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NOAA bill includes Fairweather changes
Corroded cross beams snake underneath
the NOAA dock on Wednesday.
                     Staff photo by Taylor Balkom


Daily News Staff Writer

After years without progress, Alaska’s junior senator is taking another shot at relocating the research vessel Fairweather to Ketchikan.

The Fairweather is a 231-foot marine mapping vessel that more than a decade ago was assigned its homeport at 1010 Stedman St. in Ketchikan, a few yards north of the U.S. Coast Guard base.

However, the vessel has operated from the Pacific Northwest because of a dilapidated and unsafe local dock facility.

An estimated $14 million construction bill sits between the Fairweather and its Ketchikan homeport, and the vessel’s owner, the National Oceanic and Atmospheric Administration, maintains it doesn’t have the money to refurbish the dock for the Fairweather and its crew of more than 50 people.

Sen. Dan Sullivan’s bill making broader, Arctic-focused changes within NOAA includes language that requires the agency to come up with a strategic plan for replacing the dock and allows it to use non-federal funds for the project, according to Sullivan’s press secretary, Mike Anderson.

The bill has six co-sponsors, including Sen. Lisa Murkowski.

The proposals in S. 171 come from state Sen. Bert Stedman, R-Sitka, who has his eye on capital cash within the state-owned Alaska Industrial Development and Export Authority.

In his Dec. 12 letter to Sullivan, Stedman laid out a proposal that would require NOAA come up with a financing plan — including the use of NOAA operating or capital money or from other sources — to pay for the dock replacement project and would authorize NOAA to accept any non-federal cash for the work.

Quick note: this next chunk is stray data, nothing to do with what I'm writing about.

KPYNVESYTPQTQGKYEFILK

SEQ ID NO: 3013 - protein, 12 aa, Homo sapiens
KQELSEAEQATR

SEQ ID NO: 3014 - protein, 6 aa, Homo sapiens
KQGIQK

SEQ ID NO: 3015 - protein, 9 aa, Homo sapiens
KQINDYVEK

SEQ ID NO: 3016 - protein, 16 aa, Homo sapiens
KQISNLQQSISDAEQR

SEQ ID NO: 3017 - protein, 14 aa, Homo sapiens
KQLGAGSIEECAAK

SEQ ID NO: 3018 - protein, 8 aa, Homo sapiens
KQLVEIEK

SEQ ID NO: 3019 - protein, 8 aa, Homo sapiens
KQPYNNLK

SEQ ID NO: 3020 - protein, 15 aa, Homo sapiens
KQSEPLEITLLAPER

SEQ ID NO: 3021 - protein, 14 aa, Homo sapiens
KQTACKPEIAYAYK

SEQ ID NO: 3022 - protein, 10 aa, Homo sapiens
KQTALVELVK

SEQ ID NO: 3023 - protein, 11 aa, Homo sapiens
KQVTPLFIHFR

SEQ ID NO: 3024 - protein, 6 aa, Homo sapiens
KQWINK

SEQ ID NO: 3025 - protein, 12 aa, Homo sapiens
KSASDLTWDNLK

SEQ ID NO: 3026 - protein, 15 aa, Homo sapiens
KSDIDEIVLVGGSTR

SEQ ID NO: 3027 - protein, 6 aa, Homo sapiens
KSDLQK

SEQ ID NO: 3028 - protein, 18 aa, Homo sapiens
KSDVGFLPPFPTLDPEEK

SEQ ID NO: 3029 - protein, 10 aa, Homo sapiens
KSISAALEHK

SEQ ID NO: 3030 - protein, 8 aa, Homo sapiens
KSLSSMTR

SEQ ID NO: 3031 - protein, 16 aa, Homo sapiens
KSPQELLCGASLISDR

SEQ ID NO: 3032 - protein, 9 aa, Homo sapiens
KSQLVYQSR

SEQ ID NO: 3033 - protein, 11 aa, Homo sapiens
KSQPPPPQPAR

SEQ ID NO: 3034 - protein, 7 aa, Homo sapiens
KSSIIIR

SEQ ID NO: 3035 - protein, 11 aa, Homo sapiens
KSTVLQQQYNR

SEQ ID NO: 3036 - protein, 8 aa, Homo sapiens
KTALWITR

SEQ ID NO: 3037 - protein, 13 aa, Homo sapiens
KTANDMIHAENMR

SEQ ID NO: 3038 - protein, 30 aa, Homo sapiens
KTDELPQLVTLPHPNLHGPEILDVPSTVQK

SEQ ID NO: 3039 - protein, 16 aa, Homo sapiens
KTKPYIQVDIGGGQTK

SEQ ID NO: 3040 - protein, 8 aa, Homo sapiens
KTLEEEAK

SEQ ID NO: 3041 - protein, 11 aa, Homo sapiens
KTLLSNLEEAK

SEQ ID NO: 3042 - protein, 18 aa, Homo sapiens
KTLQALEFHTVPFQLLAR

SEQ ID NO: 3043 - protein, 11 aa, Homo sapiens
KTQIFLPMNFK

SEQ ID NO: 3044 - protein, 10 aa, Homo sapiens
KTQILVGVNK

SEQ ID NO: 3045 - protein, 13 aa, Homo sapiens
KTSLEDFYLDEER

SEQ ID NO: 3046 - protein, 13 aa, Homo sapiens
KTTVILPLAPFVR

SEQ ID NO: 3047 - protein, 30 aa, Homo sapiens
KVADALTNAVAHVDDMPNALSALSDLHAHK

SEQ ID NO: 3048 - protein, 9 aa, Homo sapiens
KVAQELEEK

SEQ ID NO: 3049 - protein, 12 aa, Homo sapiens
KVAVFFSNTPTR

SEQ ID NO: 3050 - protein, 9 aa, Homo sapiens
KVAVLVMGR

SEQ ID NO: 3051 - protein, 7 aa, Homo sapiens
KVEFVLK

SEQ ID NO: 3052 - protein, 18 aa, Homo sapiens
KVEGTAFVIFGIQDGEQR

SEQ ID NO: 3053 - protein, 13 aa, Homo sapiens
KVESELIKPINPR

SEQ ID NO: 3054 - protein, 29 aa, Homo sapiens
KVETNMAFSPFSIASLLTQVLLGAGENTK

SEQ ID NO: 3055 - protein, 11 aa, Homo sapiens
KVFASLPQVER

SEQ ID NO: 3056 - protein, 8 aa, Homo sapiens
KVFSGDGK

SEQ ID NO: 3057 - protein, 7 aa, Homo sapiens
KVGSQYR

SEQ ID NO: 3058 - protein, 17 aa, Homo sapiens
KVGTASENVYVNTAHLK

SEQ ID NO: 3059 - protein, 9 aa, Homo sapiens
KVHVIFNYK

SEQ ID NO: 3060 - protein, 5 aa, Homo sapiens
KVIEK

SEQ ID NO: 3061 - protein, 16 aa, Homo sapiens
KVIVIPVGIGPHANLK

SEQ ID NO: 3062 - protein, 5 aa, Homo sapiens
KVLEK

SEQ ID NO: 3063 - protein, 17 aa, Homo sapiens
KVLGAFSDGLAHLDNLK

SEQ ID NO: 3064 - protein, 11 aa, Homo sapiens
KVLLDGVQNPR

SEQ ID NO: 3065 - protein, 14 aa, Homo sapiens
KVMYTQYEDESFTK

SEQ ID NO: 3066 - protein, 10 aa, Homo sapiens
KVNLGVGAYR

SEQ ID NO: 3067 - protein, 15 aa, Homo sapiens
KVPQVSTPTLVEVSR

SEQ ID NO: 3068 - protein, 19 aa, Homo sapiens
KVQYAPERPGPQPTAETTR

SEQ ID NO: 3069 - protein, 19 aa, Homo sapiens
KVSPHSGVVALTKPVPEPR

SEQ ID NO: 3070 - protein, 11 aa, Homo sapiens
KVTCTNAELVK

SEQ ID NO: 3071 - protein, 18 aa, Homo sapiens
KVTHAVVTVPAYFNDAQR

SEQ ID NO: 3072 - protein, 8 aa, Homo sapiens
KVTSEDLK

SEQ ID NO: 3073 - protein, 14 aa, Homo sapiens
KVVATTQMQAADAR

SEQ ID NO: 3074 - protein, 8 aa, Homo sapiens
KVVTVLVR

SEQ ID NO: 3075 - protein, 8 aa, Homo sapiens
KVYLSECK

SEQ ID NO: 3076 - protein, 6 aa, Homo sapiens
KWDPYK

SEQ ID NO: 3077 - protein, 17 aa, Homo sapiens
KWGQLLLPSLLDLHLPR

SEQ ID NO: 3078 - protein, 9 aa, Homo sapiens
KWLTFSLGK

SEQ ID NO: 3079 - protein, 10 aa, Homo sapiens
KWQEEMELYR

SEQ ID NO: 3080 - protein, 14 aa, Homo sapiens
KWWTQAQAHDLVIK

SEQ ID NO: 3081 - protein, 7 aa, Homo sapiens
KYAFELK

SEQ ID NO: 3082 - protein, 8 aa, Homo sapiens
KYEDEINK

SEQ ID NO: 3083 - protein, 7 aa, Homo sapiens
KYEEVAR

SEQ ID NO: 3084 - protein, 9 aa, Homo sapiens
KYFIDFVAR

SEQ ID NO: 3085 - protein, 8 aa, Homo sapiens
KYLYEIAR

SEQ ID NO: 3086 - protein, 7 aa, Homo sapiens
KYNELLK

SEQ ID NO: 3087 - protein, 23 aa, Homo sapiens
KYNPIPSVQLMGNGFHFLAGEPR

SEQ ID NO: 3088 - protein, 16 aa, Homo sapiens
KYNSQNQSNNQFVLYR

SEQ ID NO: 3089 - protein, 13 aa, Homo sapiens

AIDEA last participated in a federal project similar to the Fairweather dock in 2014, when the state corporation built an addition to the Camp Denali Readiness Center for the Coast Guard at Joint Base Elmendorf-Richardson near Anchorage.

As an economic development entity, AIDEA may invest in projects to “promote, develop and advance the general prosperity” of Alaskans, according to a 2014 announcement about the JBER project, which created 80 jobs and retained more than 115 Coast Guard and civilian positions in the area.

By that same logic, AIDEA would be contributing to the Ketchikan economy by investing in a project that would relocate the Fairweather crew to its official homeport and potentially boost the business of the Ketchikan Shipyard.

The JBER project cost $15 million, according to AIDEA, and was completed using economic development funds.

Sullivan’s bill was unanimously passed out of the Senate Commerce, Science and Transportation Committee on Jan. 24.

The two-year senator said in an announcement that relocating the Fairweather “will cut down on transit time and save precious resources, allowing the vessel to have a greater impact as it completes its important mission off Alaska’s coast.”

The NOAA vessel sails within the Gulf of Alaska and generates nautical maps and charts.

Since 2008, the Fairweather has used the Coast Guard base for short port calls, according to NOAA spokesman David Hall.

NOAA had been partnering with the Alaska Department of Transportation on a joint port facility in Ward Cove that would accommodate both the Fairweather and Alaska Marine Highway System ferries, but NOAA withdrew from that effort in 2016.

Local governments, particularly the Ketchikan Gateway Borough, have spent years lobbying to relocate the Fairweather to Ketchikan.